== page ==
The ET5B series comes in five sizes: 32" (81 cm) TX-L32ET5B, 37" (96 cm) TX-L37ET5B, 42" (107 cm) TX-L42ET5B, 47" (107 cm) TX-L47ET5B and 55" (140 cm) TX-L55ET5B.
Like the rest of Panasonic's 2012 collection, the ET5B has a sober design with the kind of quality finishing that would be nice to see the competition adopt. The screen is framed by a dark grey border covered in see-through plastic. Great look!
But the stand is different from many of Panasonic's other models. Instead of a thin metal base, it's a thick plastic one. This isn't exactly a deal changer, but we prefer the stands on Panasonic's higher-end models.
Panasonic's 2012 range features a new remote control. The general shape is the same as before, but the button layout has been redone. The volume and channel up/down buttons are higher up on the remote, which makes them easier to reach with your thumb. And the backlighting is helpful when you're watching a movie in the dark.
The ET5B range offers Panasonic's numerous, well-designed Viera Connect apps, via Ethernet and Wi-Fi. In addition to the classics—YouTube (including HD), Skype, Twitter, Facebook, Google Maps—you get Gameloft video games, although be aware that each games costs around £5! Another advantage is that the web browser handles HTML 5.
The media player is better than last year's, having gained support for a wider range of video file formats. It recognises NTFS (Windows) external devices, which means it can read files over 4 GB in size, which FAT 32 won't do. In fact, it will read most video formats: AVI, DivX, MP4, MKV, MOV, MTS and M2TS. The only thing missing is ISO (disk image) files, and DVD and Blu-ray menus are still problematic.
2D Image Quality
As mentioned earlier, this is an IPS panel, but this time it's LG who made it.
After selecting the best settings for watching movies (see inset), we got a quality image, with good shades of grey and accurate colours (average Delta E = 3.7), despite a certain exaggeration in the flashier tones.
But the big flaw in screens like these is the contrast. Unfortunately for the ET5B range, using our testing criteria, no TV from any brand with contrast this low (1150:1) can get more than three stars in our overall rating. Here, in a pitch black room the parts of the screen that are supposed to look black appear washed out and grey. In comparison, most of Panasonic's competitors have contrast well above 2000:1 (twice as much). And the only way to correct this is to turn on a light in the room, if not all the lights. This seriously detracts from the movie watching experience.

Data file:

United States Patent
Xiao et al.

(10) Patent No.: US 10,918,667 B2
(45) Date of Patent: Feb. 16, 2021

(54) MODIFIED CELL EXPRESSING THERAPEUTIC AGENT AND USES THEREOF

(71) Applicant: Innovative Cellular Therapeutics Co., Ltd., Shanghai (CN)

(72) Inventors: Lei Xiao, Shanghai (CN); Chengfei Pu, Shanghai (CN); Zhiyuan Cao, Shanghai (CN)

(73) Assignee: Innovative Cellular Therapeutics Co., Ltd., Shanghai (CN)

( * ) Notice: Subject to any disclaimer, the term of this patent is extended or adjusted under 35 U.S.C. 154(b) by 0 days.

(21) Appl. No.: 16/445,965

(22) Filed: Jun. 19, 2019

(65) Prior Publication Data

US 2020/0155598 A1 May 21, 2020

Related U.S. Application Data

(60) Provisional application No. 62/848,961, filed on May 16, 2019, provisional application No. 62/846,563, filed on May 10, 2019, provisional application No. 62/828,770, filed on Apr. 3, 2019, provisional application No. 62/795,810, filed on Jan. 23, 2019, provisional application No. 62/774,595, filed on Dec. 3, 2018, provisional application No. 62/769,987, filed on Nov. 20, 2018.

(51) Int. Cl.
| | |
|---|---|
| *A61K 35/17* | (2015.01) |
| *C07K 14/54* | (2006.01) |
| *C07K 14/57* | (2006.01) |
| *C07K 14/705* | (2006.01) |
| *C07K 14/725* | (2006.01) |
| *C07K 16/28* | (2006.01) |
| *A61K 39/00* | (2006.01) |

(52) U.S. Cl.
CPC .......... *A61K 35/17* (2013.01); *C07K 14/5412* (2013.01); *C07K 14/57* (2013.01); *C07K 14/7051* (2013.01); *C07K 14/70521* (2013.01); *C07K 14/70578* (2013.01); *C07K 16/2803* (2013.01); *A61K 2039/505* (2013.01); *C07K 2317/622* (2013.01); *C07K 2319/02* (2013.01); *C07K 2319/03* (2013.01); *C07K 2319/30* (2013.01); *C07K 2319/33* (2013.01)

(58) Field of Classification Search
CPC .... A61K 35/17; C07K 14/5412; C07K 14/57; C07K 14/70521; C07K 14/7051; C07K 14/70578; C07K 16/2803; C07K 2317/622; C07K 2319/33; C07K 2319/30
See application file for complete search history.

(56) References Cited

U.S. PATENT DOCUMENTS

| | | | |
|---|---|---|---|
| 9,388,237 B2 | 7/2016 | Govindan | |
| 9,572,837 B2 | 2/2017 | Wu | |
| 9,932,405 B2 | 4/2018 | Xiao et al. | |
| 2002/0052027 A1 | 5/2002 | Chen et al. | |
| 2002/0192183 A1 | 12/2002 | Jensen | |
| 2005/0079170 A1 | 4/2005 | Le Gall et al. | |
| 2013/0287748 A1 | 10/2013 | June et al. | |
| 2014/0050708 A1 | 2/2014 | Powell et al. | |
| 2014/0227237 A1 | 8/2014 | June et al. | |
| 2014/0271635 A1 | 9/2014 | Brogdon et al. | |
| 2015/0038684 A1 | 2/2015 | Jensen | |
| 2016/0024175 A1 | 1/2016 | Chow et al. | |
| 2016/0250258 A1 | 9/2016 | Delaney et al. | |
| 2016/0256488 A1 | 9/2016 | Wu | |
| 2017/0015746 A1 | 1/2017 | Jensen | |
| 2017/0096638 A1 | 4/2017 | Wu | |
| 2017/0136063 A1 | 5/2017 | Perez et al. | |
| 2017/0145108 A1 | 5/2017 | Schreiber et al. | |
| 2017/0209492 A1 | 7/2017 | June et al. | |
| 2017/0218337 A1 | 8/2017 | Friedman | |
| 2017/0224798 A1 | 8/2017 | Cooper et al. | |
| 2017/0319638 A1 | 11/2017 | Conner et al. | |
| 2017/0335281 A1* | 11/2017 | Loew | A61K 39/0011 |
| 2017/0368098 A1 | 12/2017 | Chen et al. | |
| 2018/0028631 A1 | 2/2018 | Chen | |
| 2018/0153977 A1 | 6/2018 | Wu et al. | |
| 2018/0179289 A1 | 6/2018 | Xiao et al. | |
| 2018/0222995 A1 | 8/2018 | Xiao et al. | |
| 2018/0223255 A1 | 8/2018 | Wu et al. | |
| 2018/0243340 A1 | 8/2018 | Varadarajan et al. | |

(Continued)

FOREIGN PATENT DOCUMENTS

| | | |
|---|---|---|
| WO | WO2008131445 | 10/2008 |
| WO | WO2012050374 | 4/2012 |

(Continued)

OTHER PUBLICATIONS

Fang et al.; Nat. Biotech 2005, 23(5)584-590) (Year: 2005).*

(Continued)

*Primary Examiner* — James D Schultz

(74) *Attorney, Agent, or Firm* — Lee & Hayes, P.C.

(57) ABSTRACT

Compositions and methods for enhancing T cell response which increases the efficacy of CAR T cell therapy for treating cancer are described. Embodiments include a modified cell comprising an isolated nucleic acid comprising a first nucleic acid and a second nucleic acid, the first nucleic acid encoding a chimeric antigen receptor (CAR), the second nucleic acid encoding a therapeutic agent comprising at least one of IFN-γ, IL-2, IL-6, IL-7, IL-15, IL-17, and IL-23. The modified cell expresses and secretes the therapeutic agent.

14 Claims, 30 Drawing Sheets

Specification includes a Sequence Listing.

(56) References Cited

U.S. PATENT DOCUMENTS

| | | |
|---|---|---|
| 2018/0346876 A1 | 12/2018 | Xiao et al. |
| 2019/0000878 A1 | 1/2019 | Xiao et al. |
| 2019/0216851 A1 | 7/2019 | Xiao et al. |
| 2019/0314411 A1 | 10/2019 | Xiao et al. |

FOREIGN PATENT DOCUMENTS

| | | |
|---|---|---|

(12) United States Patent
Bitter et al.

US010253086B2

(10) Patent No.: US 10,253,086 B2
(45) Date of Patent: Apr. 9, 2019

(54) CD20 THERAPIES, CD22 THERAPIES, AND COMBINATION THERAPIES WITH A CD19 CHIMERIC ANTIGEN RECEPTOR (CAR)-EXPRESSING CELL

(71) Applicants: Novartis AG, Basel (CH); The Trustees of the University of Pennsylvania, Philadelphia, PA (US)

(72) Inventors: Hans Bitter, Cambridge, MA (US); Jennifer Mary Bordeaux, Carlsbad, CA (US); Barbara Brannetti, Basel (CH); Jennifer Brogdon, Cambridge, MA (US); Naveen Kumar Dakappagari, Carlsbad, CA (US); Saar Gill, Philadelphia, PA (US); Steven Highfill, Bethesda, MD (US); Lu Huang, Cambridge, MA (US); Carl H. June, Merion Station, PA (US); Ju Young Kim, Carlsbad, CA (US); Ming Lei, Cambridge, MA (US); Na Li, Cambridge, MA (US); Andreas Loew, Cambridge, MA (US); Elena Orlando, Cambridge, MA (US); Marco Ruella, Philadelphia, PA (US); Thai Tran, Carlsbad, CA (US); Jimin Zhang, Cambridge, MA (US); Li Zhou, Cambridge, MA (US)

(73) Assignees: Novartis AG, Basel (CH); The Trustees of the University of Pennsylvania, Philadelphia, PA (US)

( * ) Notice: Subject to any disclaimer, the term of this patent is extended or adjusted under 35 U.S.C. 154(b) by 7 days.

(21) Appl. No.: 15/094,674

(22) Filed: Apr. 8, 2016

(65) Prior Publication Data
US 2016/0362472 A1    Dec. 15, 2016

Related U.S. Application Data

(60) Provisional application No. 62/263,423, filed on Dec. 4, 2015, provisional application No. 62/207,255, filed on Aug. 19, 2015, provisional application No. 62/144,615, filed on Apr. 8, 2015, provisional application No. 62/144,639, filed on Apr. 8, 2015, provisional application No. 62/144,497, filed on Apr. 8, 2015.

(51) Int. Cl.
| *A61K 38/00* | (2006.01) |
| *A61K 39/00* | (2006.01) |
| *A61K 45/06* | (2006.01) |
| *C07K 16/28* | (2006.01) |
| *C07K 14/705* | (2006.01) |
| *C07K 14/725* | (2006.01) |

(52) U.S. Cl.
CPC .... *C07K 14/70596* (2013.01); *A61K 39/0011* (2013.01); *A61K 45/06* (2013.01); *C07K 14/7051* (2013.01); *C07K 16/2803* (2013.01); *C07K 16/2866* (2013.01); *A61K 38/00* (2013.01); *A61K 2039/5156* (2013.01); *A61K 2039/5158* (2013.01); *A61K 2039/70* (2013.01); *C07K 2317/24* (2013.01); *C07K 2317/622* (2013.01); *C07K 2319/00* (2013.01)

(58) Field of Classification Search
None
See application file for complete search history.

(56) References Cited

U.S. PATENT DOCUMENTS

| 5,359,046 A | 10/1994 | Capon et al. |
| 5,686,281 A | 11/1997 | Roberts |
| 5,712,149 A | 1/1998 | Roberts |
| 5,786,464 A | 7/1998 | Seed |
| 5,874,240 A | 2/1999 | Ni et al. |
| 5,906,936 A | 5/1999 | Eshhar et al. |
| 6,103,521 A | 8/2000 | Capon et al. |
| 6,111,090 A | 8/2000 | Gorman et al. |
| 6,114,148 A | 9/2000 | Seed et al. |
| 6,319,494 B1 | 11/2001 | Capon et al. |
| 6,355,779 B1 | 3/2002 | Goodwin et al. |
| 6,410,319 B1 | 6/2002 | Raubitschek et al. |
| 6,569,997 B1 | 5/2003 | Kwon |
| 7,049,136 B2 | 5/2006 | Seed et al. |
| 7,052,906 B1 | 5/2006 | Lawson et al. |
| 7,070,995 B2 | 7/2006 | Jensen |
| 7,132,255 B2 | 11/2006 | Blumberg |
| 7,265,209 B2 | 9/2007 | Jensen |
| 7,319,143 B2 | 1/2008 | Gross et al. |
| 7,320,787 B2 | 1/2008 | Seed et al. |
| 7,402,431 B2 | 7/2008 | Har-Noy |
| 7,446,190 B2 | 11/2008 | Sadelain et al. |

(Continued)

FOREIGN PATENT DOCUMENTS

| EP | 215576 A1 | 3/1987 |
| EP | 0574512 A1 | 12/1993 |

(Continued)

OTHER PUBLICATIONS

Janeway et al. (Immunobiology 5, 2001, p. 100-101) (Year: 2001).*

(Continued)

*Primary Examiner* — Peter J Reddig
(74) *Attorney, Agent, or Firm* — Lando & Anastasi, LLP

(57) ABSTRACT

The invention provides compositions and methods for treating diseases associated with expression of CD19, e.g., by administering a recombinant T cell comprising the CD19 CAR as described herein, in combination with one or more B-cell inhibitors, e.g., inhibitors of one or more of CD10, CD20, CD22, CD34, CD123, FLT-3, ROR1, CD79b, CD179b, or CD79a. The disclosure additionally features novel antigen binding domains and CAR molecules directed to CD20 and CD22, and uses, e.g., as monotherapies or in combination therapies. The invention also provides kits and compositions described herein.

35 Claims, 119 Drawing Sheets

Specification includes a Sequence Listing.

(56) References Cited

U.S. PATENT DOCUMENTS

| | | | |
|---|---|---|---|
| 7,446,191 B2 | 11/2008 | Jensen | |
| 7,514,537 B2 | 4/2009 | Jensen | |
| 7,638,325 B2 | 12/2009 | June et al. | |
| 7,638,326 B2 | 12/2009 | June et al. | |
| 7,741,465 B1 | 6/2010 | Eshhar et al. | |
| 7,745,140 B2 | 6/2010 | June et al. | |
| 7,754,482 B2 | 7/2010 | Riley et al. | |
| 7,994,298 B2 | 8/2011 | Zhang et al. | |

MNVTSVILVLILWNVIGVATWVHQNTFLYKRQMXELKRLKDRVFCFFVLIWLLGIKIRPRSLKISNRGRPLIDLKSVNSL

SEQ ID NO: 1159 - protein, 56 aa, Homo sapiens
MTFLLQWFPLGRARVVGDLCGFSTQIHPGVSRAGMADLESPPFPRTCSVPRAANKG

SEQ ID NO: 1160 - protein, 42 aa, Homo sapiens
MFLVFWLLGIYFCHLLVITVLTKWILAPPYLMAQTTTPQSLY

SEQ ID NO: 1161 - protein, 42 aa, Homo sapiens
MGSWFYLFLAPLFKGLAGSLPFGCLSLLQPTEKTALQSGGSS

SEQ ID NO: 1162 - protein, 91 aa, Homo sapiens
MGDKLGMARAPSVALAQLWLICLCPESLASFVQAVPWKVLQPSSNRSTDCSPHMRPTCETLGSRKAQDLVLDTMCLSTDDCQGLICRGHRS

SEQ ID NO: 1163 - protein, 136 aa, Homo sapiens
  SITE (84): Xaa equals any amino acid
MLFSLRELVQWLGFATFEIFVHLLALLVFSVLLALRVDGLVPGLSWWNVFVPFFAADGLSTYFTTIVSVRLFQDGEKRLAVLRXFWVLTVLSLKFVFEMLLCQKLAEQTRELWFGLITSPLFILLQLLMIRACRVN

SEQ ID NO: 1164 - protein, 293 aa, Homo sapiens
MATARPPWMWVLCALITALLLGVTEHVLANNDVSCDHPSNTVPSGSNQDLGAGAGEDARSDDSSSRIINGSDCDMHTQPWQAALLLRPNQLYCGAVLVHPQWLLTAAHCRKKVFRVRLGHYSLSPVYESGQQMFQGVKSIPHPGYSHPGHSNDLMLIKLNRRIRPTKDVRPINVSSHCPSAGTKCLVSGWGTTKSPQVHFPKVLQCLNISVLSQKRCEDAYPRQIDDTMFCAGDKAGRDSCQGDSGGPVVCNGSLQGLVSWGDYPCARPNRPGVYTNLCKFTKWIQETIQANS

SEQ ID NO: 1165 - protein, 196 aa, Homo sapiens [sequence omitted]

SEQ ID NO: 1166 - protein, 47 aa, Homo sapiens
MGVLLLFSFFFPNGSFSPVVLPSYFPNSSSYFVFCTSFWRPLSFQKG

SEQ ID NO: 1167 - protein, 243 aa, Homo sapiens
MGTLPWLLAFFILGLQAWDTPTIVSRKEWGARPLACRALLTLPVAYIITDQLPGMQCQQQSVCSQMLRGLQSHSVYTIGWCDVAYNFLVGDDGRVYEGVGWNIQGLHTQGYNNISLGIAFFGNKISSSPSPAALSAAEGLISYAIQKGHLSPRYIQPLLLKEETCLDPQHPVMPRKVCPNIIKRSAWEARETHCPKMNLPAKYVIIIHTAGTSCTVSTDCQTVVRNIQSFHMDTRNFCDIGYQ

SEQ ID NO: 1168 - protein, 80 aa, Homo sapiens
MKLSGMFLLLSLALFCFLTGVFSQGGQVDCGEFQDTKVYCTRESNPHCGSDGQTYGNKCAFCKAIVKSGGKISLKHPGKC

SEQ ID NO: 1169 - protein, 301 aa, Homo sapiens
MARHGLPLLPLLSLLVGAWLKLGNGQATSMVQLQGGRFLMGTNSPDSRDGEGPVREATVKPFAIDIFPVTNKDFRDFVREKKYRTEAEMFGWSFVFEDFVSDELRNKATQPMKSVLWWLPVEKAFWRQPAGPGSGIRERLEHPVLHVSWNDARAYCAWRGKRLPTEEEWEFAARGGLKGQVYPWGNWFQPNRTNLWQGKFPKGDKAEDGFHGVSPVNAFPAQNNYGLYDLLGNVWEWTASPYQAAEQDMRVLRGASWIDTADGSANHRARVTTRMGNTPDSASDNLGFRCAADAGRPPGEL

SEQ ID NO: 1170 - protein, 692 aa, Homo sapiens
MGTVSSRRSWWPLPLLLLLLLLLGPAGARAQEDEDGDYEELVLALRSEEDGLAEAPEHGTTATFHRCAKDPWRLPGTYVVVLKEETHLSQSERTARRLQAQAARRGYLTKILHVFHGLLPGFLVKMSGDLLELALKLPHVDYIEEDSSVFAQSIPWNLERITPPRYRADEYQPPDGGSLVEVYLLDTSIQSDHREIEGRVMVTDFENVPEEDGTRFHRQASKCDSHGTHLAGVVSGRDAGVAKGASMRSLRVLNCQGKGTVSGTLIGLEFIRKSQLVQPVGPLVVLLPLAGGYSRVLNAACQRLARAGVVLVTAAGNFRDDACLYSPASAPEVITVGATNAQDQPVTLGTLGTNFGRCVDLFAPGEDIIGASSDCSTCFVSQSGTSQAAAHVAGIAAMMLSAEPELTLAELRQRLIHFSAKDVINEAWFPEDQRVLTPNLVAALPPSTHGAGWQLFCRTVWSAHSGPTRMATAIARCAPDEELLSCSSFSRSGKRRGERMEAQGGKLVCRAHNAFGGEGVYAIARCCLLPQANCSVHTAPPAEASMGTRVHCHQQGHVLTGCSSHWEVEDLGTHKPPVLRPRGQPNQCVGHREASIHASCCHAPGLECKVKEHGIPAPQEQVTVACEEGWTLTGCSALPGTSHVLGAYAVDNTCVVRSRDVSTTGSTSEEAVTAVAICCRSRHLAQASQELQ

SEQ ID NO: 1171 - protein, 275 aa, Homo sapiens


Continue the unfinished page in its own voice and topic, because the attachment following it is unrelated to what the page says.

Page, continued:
Light Dark Average
to remove each frame after displaying the following frame.
Responsiveness is also not one of the strengths of LG panels. At 12 milliseconds, this TV just falls within average for the TVs we've reviewed. As a result, fast movements come out blurry with ghost images following each frame. Similarly, a 66-millisecond (four-frame) delay in video games is bad news for gamers.
Panasonic's motion interpolation, however, is effective. Jumpy images are entirely eradicated here. The only drawback is that this gives the image a sort of camcorder feel with minor artefacts. Too bad.
One of the (only) positive things about low contrast is that it removes clouding. Five stars here!
The ET5B is Panasonic's shot at competing with LG on its own turf. Passive 3D technology has the advantage that it requires glasses (four pairs included) that are lighter, more comfortable and less expensive because they don't have any electronics inside. The downside is that it halves the screen resolution. 1920 x 1080 turns into 1920 x 540 pixels on each eye, making for 720p on the whole. (That said, 720p is nothing to scoff at...)
However, the 3D rendering is excellent. There's virtually no crosstalk (which is when you see two images instead of one 3D image). Slam dunk! Plus, there's no flickering (common to 3D technology) and the low loss of light in passive 3D glasses makes the image more comfortable on the eyes than active models. Given all these advantages, the drop in resolution is easily forgivable.
Here's what it looks like as seen through the passive 3D glasses, compared to a few other TVs, with the LG 47LM660T at the bottom right:
Panasonic and Samsung's plasma TVs are the only TVs of their kind that do this correctly.
But not all is rosy with passive 3D. Unfortunately, it also makes for very limited vertical viewing angles, so you basically have to be sitting at exactly the same height as the TV in order to see a good 3D image. Once you stand up the crosstalk goes off the charts.
It's a fact: sound quality on TVs has been getting worse by the year. At 1 kHz the ET5B doesn't go above 76 dB. That's low, but the rest of the spectrum is even worse. To cap it all off, the sound saturates horribly. Take our advice and buy a home cinema system. Even a cheap one will improve the sound on this TV.
Fortunately, the ET5B's power consumption is much better than its sound. We measured 1 W on standby and 78 W when turned on, which over 47 inches comes to 129 W/m².
- Good image in 2D and 3D
- Accurate colours (average Delta E = 3.7)
- Virtually no crosstalk in 3D mode
- Four pairs of 3D glasses included
- Very low black level (.18 cd/m²) and contrast (1150:1)
- Glossy screen shows reflections
Passive 3D TVs have a lot going for them: well balanced images, excellent 3D rendering, and more. But the IPS panel's demons inevitably catch up with the Viera TX-L47ET5B, making for a less responsive TV with contrast low enough to earn only three stars from us.